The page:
Lilac suckers are a much faster way to start new lilacs from than cuttings. Spring is a great time to do this as the soil is moist and easy to dig and the suckers are really growing. Want to get a clone of your Grandma’s lilacs? This is for you!
Every May I love taking my morning coffee outside to sit on my steps under my front arbor. My neighbor has a large lilac that blooms prolifically and perfumes the morning air. I sit, sip and breathe in the sweet scent of Spring and feel my stresses melt away. I knew I wanted a lilac (or ten) so I asked if I could dig up some of the suckers. Today I am going to show you how you can propagate lilacs from suckers and get more sweet smelling lilacs in your garden. You’re going to love this one!
Why Propagate Lilacs from Suckers
My How to Grow and How to Root Lilacs from Cuttings are two of my most popular posts this time of year, seems Lilacs are a favorite of many. I love them too. The method to propagate lilacs from suckers is easy and you get a new plant which blooms much faster than from cuttings.
What are Lilac Suckers
Suckers are shoots that grow from around the Lilac base. Some feel they can be a menace but most folks just cut them off with a mower or weed wacker.
This is a white Lilac in a friends yard. She said I could come dig up all the suckers I wanted. Now it does take a good sharp shovel and a bit of muscle but it is not hard. Find some suckers that are far enough away from the parent bush to get in there with a shovel and have some leverage.
How to Dig Lilac Suckers
With a good push with your foot shove the shovel straight down and cut through the sucker root. You will have to put your weight into it, slicing through can be tough. (having a sharp shovel is key)
Do that all around the sucker and pop it up out of the ground, hoping you have a good portion of root.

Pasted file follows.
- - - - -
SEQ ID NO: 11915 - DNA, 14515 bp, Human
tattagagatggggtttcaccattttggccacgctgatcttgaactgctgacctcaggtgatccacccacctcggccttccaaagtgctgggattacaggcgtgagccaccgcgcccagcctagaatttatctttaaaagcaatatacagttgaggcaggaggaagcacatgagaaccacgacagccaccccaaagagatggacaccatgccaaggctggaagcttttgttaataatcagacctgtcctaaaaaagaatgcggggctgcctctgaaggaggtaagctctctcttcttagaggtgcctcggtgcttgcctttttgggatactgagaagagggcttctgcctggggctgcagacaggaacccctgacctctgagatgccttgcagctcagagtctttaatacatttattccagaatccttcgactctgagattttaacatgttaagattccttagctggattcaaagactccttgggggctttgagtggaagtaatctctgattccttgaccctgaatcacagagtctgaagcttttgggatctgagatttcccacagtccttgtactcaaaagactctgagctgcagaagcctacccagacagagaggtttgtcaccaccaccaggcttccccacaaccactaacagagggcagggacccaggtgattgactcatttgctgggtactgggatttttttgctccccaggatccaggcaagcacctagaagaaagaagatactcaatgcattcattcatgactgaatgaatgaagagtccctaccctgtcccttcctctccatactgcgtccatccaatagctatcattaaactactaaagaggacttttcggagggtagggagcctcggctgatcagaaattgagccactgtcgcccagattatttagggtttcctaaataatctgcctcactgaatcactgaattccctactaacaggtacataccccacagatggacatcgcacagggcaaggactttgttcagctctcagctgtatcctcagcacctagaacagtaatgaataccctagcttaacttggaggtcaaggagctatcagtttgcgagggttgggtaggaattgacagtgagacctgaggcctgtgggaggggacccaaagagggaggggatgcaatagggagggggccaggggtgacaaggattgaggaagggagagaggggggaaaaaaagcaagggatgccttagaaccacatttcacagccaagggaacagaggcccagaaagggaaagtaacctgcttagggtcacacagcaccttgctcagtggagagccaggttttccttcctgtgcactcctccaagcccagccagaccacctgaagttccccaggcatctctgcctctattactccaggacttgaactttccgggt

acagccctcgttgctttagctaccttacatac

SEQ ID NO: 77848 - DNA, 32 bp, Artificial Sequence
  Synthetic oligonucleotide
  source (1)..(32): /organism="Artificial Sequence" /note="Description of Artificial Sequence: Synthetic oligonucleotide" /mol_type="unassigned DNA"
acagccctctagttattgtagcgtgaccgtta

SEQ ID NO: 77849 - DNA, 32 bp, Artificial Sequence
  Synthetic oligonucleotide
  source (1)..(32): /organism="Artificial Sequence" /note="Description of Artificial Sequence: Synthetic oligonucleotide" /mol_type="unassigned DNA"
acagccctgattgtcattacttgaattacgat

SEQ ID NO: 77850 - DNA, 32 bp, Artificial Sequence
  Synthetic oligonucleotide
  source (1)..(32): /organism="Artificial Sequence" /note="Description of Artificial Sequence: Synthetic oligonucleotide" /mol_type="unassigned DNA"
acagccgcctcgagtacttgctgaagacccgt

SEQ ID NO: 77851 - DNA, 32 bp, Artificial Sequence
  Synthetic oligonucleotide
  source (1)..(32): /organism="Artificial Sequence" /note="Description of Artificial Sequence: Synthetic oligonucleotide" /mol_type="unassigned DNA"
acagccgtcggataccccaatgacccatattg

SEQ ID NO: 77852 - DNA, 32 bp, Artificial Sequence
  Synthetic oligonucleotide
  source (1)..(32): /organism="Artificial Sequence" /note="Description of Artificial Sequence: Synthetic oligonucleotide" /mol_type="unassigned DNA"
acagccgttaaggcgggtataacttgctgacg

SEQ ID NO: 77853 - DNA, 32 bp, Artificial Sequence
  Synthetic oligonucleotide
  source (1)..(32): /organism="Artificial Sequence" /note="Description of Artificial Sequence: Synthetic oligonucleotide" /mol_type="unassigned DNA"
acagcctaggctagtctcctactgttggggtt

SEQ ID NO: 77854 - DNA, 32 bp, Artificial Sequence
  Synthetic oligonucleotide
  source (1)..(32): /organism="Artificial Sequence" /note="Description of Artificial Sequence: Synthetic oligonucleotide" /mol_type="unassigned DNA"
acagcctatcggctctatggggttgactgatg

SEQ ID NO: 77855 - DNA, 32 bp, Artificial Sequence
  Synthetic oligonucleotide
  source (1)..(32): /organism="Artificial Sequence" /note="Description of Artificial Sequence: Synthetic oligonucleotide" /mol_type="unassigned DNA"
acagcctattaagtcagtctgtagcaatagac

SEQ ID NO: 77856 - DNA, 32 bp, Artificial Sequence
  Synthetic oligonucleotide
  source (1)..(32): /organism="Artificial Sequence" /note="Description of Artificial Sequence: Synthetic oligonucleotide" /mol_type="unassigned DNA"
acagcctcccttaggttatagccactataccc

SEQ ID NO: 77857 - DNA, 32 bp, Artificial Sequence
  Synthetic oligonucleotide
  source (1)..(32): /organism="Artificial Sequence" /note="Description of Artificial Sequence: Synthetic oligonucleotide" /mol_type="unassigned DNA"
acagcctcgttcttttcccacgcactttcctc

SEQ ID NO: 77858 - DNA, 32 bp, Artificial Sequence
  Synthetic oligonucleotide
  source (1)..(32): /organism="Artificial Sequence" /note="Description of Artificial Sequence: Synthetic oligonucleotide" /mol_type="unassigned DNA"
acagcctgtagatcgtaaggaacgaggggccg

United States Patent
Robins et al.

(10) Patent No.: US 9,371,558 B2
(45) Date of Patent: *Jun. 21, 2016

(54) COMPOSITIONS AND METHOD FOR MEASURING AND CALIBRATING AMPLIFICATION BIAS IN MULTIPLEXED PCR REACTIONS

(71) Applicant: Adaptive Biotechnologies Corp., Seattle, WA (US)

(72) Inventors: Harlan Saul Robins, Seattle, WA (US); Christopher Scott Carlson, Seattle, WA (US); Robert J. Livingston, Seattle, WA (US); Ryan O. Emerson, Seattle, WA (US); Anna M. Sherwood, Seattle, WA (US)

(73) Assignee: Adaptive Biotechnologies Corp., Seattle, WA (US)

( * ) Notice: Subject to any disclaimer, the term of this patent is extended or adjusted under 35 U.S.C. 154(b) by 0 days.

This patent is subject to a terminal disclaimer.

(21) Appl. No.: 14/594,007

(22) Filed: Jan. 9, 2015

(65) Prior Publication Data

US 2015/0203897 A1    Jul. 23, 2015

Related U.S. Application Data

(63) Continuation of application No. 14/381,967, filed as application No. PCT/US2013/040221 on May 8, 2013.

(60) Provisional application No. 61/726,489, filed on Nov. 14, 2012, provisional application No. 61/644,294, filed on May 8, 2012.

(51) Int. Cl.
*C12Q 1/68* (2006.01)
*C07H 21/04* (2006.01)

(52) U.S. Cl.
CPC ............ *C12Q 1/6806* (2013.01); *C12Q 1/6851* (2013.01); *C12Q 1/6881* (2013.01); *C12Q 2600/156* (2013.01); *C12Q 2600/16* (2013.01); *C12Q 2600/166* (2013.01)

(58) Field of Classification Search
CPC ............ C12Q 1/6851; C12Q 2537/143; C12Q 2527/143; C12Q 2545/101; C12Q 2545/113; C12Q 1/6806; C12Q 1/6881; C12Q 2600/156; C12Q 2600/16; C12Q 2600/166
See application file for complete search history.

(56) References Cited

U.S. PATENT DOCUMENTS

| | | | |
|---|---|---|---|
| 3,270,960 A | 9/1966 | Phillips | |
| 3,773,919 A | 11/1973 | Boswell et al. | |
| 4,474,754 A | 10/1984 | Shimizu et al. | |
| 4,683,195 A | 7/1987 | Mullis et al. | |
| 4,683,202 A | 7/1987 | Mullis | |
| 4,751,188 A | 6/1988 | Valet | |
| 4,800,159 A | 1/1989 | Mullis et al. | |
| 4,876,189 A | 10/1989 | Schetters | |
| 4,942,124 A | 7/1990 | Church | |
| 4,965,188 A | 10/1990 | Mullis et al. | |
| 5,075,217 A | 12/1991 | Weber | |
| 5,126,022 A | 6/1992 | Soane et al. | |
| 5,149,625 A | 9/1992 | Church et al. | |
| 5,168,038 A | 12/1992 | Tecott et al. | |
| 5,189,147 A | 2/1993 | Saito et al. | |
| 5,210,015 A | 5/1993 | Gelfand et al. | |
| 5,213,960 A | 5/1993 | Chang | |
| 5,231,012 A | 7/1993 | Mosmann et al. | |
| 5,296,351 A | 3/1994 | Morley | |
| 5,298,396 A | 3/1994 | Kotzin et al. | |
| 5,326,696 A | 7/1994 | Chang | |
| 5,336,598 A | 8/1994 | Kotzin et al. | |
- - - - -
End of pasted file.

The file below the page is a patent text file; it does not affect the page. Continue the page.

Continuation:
Dig up as many as you can. You may lose a few but so far I have had 100% success rate with this method. If you dig up plenty you can be assured to have one survive and if all survive you can always give away what you don’t want to keep.
I have a bucket of water nearby and I put them right in it. Keeping them moist helps to lessen the shock.
I had something come up and could not get to them right away but they seemed to do fine in the water for a few days. They were kept in the greenhouse but a shady spot in the yard will work just fine too.
Potting the Lilac Suckers
With some I cut the large roots back so it is easier to fit them in the pots, the smaller roots will be fine to get started.
Then I fill some gallon pots with potting soil halfway then plop in a sucker before filling the pot the rest of the way with soil.
I had to use the larger diameter pot for this mass of roots.
So far they are all looking okay, I did this a week ago and I have been keeping a close eye on them.
A couple weeks ago I noticed that the starts I had rooted from cuttings had suckers coming up in the pots. So I decided to divide those too. It is much easier as the roots are not that big yet.
I popped the Lilac out of the pot and was pleased with the healthy root mass. They really do need to be potted up or divided and I opted for dividing, I am not sure where I want to plant them yet.
I grab my garden knife and slice through the entire root mass between the center rooted cutting and the side shoots, which are the suckers.
Now repot them up in separate pots with fresh potting soil.
You can see the mother plant and two daughter plants all in their very own pots.
I did this a few weeks ago and they are growing strong and healthy. Not even a bit of droop from shock.
And that is how you propagate lilacs from suckers.
I wish you a sweet smelling garden!
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